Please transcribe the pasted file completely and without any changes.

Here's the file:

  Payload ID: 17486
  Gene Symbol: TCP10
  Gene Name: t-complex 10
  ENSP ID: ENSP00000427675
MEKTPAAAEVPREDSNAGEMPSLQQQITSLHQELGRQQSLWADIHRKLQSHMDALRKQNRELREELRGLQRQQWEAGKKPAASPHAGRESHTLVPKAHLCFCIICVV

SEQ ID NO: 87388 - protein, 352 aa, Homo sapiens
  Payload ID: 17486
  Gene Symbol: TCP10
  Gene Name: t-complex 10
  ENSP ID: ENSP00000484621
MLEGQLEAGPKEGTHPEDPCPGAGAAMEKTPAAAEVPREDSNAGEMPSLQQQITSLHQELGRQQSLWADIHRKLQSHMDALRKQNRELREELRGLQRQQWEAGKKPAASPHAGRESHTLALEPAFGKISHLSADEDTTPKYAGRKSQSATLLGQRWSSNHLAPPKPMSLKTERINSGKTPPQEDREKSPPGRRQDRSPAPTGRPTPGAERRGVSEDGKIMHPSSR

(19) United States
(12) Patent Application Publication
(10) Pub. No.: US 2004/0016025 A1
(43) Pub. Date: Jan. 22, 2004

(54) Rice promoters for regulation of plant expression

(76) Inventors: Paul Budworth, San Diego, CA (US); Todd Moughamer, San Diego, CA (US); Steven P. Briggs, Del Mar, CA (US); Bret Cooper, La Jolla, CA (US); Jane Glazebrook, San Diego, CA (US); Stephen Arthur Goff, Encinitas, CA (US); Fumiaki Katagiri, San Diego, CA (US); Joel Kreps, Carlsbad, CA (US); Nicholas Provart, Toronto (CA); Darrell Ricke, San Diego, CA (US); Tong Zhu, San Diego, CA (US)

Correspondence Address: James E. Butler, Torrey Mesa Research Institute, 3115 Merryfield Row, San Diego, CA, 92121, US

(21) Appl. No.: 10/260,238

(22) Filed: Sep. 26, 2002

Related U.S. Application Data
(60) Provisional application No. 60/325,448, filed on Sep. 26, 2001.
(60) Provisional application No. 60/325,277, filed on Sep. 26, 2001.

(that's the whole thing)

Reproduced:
  Payload ID: 17486
  Gene Symbol: TCP10
  Gene Name: t-complex 10
  ENSP ID: ENSP00000427675
MEKTPAAAEVPREDSNAGEMPSLQQQITSLHQELGRQQSLWADIHRKLQSHMDALRKQNRELREELRGLQRQQWEAGKKPAASPHAGRESHTLVPKAHLCFCIICVV

SEQ ID NO: 87388 - protein, 352 aa, Homo sapiens
  Payload ID: 17486
  Gene Symbol: TCP10
  Gene Name: t-complex 10
  ENSP ID: ENSP00000484621
MLEGQLEAGPKEGTHPEDPCPGAGAAMEKTPAAAEVPREDSNAGEMPSLQQQITSLHQELGRQQSLWADIHRKLQSHMDALRKQNRELREELRGLQRQQWEAGKKPAASPHAGRESHTLALEPAFGKISHLSADEDTTPKYAGRKSQSATLLGQRWSSNHLAPPKPMSLKTERINSGKTPPQEDREKSPPGRRQDRSPAPTGRPTPGAERRGVSEDGKIMHPSSR

(19) United States
(12) Patent Application Publication
(10) Pub. No.: US 2004/0016025 A1
(43) Pub. Date: Jan. 22, 2004

(54) Rice promoters for regulation of plant expression

(76) Inventors: Paul Budworth, San Diego, CA (US); Todd Moughamer, San Diego, CA (US); Steven P. Briggs, Del Mar, CA (US); Bret Cooper, La Jolla, CA (US); Jane Glazebrook, San Diego, CA (US); Stephen Arthur Goff, Encinitas, CA (US); Fumiaki Katagiri, San Diego, CA (US); Joel Kreps, Carlsbad, CA (US); Nicholas Provart, Toronto (CA); Darrell Ricke, San Diego, CA (US); Tong Zhu, San Diego, CA (US)

Correspondence Address: James E. Butler, Torrey Mesa Research Institute, 3115 Merryfield Row, San Diego, CA, 92121, US

(21) Appl. No.: 10/260,238

(22) Filed: Sep. 26, 2002

Related U.S. Application Data
(60) Provisional application No. 60/325,448, filed on Sep. 26, 2001.
(60) Provisional application No. 60/325,277, filed on Sep. 26, 2001.